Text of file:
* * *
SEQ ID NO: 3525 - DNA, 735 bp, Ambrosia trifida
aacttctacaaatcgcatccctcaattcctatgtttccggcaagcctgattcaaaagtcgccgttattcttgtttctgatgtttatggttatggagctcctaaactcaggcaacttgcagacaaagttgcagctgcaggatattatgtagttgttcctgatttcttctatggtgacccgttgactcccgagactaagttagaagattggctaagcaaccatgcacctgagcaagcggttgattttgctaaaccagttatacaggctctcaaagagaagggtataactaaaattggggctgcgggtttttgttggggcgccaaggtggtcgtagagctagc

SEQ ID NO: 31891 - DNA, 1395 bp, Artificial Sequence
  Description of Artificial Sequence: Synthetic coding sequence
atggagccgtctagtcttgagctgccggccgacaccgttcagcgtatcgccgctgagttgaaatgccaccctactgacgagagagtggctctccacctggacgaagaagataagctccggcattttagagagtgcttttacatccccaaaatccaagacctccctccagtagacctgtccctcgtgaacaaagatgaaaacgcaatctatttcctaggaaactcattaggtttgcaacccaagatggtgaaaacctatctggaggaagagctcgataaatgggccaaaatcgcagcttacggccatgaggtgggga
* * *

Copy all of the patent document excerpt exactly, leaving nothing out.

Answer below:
SEQ ID NO: 3525 - DNA, 735 bp, Ambrosia trifida
aacttctacaaatcgcatccctcaattcctatgtttccggcaagcctgattcaaaagtcgccgttattcttgtttctgatgtttatggttatggagctcctaaactcaggcaacttgcagacaaagttgcagctgcaggatattatgtagttgttcctgatttcttctatggtgacccgttgactcccgagactaagttagaagattggctaagcaaccatgcacctgagcaagcggttgattttgctaaaccagttatacaggctctcaaagagaagggtataactaaaattggggctgcgggtttttgttggggcgccaaggtggtcgtagagctagc

SEQ ID NO: 31891 - DNA, 1395 bp, Artificial Sequence
  Description of Artificial Sequence: Synthetic coding sequence
atggagccgtctagtcttgagctgccggccgacaccgttcagcgtatcgccgctgagttgaaatgccaccctactgacgagagagtggctctccacctggacgaagaagataagctccggcattttagagagtgcttttacatccccaaaatccaagacctccctccagtagacctgtccctcgtgaacaaagatgaaaacgcaatctatttcctaggaaactcattaggtttgcaacccaagatggtgaaaacctatctggaggaagagctcgataaatgggccaaaatcgcagcttacggccatgaggtgggga